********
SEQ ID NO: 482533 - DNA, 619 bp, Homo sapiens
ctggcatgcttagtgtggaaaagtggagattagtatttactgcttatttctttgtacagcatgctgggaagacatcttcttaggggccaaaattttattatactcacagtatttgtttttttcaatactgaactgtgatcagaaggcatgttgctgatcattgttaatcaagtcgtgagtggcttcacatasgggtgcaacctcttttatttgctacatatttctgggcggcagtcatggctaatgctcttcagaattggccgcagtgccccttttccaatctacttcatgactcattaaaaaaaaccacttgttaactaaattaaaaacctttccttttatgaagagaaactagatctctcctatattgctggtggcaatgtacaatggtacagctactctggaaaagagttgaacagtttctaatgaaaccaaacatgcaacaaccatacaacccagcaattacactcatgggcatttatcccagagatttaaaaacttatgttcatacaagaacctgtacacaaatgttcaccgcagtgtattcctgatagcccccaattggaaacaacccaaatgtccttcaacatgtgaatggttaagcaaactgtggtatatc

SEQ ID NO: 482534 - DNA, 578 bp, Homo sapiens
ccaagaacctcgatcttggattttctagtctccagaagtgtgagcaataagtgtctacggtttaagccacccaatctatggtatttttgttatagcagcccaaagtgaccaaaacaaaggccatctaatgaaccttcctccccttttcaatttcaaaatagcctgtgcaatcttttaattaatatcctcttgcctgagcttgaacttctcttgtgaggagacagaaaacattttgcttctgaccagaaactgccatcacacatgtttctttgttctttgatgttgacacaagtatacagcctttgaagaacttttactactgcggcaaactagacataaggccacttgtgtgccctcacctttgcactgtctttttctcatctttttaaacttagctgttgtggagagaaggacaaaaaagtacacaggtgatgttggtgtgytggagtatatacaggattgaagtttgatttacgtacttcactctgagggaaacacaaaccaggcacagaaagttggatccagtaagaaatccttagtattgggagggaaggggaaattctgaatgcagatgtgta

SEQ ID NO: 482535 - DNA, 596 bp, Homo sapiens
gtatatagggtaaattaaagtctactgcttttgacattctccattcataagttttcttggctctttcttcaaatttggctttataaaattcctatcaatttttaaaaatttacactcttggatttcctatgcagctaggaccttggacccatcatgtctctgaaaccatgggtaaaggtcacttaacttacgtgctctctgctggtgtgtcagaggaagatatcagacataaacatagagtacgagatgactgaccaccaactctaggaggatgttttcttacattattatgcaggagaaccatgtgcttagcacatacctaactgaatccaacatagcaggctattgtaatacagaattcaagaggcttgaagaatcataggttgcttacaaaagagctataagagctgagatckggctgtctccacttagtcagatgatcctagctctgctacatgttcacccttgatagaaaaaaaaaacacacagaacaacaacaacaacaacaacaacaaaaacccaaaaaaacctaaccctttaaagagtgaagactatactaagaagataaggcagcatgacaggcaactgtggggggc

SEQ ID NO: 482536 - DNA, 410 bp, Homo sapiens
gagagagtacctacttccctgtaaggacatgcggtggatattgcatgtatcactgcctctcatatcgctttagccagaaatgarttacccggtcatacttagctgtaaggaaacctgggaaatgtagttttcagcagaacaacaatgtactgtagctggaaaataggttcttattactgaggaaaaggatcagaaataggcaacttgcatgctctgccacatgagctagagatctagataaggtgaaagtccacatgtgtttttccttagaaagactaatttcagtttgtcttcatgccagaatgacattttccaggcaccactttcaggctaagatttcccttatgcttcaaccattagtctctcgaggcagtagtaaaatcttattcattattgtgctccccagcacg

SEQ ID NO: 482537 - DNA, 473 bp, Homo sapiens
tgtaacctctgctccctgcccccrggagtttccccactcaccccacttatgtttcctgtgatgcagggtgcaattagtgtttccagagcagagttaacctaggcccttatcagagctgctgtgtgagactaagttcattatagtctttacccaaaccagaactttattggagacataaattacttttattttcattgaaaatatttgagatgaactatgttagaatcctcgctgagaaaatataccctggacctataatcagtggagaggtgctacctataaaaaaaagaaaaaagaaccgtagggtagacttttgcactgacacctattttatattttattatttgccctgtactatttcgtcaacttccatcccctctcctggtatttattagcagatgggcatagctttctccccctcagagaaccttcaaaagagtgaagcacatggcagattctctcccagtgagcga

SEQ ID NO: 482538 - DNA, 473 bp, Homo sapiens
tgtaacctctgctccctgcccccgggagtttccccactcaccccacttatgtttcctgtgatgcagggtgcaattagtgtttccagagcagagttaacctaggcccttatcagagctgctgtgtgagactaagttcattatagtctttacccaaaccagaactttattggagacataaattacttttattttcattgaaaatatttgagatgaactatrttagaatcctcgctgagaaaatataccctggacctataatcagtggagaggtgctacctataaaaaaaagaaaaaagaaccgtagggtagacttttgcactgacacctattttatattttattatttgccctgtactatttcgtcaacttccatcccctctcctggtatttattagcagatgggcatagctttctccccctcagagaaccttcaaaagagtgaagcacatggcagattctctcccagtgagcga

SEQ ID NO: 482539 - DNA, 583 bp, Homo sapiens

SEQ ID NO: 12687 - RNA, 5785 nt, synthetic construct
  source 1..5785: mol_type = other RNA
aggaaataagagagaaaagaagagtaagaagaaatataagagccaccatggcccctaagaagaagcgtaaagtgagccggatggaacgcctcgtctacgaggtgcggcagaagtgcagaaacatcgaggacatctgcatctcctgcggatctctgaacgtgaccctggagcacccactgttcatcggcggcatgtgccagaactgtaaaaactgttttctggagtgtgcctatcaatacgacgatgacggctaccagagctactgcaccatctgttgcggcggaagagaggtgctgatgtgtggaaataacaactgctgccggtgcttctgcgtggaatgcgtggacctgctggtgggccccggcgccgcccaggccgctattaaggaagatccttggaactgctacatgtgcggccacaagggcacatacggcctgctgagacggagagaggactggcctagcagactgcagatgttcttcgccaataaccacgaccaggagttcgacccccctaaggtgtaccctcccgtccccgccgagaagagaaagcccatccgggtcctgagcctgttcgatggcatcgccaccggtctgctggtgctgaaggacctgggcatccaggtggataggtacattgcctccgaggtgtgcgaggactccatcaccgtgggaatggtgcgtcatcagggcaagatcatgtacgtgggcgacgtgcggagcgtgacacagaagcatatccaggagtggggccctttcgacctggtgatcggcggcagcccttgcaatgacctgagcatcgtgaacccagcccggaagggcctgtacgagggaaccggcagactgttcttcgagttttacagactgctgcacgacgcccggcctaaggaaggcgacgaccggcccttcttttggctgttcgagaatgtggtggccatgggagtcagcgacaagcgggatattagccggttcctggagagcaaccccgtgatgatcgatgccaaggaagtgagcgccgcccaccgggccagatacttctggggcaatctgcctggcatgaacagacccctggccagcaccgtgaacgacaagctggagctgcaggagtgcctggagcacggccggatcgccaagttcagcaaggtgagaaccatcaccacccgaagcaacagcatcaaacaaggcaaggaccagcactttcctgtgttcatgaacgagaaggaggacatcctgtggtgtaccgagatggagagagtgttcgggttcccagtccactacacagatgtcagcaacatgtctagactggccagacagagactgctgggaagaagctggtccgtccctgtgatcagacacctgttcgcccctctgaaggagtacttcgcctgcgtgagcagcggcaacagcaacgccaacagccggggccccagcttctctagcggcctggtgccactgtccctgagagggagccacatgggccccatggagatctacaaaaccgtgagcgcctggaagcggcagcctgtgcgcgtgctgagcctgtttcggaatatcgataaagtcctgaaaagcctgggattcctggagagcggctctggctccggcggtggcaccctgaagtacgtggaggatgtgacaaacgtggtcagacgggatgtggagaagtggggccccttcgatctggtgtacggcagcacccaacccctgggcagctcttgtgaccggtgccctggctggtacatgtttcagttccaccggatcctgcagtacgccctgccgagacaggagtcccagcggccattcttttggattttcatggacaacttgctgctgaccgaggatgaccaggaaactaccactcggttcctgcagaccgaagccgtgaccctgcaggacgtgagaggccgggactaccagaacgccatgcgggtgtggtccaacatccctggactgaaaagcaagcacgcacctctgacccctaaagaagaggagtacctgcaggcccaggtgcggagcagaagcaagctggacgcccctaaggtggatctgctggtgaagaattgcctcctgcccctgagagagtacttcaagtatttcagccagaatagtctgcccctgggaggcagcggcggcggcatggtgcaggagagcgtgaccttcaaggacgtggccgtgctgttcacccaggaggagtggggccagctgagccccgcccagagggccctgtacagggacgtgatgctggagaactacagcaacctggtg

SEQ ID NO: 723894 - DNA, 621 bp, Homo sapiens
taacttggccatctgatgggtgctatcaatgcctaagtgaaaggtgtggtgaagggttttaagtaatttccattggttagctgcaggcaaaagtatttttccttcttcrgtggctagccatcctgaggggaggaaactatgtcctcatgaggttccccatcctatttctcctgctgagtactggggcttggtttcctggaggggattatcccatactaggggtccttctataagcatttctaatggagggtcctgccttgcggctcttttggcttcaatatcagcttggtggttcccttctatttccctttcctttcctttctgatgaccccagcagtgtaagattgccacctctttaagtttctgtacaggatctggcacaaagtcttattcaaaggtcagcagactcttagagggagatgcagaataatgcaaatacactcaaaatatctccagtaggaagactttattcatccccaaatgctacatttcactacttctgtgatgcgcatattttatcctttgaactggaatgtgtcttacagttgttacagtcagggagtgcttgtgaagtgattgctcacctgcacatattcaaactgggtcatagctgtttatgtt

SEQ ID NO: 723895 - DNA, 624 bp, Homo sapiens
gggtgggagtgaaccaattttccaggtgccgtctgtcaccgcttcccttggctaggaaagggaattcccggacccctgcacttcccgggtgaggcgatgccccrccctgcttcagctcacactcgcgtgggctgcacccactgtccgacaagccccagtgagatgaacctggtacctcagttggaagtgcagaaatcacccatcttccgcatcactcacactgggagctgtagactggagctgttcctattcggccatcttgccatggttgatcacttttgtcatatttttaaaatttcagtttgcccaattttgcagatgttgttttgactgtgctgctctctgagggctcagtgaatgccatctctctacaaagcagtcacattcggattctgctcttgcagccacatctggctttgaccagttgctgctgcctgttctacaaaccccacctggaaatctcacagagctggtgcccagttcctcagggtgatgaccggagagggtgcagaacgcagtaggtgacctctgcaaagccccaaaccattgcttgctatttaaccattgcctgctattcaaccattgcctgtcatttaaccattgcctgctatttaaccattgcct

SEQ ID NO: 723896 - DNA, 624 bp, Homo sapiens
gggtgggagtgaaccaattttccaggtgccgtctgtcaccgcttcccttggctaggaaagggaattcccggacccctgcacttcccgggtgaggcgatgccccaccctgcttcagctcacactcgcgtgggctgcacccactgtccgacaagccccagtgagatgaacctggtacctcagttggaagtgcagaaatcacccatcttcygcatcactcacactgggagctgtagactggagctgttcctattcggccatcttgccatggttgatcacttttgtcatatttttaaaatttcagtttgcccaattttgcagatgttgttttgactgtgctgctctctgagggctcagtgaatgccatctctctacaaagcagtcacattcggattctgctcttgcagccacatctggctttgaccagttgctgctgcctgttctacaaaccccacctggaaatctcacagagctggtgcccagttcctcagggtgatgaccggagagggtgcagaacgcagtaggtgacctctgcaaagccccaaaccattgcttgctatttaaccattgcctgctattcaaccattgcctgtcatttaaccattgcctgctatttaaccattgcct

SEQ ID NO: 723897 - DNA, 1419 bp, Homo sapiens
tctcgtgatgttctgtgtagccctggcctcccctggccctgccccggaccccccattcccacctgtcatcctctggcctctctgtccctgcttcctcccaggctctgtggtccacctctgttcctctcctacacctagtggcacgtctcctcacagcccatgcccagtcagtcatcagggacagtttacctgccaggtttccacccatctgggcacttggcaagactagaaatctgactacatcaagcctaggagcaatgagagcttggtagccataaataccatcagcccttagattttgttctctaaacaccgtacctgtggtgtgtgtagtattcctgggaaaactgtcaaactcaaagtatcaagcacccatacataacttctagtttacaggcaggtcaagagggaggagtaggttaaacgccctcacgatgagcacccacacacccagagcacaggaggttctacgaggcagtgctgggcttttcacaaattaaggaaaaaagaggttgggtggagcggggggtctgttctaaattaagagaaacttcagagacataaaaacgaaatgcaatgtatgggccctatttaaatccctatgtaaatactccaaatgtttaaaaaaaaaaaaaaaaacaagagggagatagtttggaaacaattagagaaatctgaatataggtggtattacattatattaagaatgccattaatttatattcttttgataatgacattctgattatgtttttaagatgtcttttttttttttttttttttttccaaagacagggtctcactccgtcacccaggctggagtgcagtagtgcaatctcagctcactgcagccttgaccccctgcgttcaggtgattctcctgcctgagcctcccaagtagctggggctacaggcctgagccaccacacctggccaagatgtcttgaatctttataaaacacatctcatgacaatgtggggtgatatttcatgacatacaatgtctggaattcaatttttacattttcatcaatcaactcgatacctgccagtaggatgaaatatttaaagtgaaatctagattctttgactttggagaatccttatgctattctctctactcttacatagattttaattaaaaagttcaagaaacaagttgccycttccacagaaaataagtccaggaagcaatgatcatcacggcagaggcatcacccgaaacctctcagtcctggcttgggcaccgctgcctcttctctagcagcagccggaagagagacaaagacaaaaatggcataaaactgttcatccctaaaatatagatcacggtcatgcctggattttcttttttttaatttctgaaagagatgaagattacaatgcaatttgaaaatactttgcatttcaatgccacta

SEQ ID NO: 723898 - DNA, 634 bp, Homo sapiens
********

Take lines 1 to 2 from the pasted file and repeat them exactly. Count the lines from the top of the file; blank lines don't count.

SEQ ID NO: 482533 - DNA, 619 bp, Homo sapiens
ctggcatgcttagtgtggaaaagtggagattagtatttactgcttatttctttgtacagcatgctgggaagacatcttcttaggggccaaaattttattatactcacagtatttgtttttttcaatactgaactgtgatcagaaggcatgttgctgatcattgttaatcaagtcgtgagtggcttcacatasgggtgcaacctcttttatttgctacatatttctgggcggcagtcatggctaatgctcttcagaattggccgcagtgccccttttccaatctacttcatgactcattaaaaaaaaccacttgttaactaaattaaaaacctttccttttatgaagagaaactagatctctcctatattgctggtggcaatgtacaatggtacagctactctggaaaagagttgaacagtttctaatgaaaccaaacatgcaacaaccatacaacccagcaattacactcatgggcatttatcccagagatttaaaaacttatgttcatacaagaacctgtacacaaatgttcaccgcagtgtattcctgatagcccccaattggaaacaacccaaatgtccttcaacatgtgaatggttaagcaaactgtggtatatc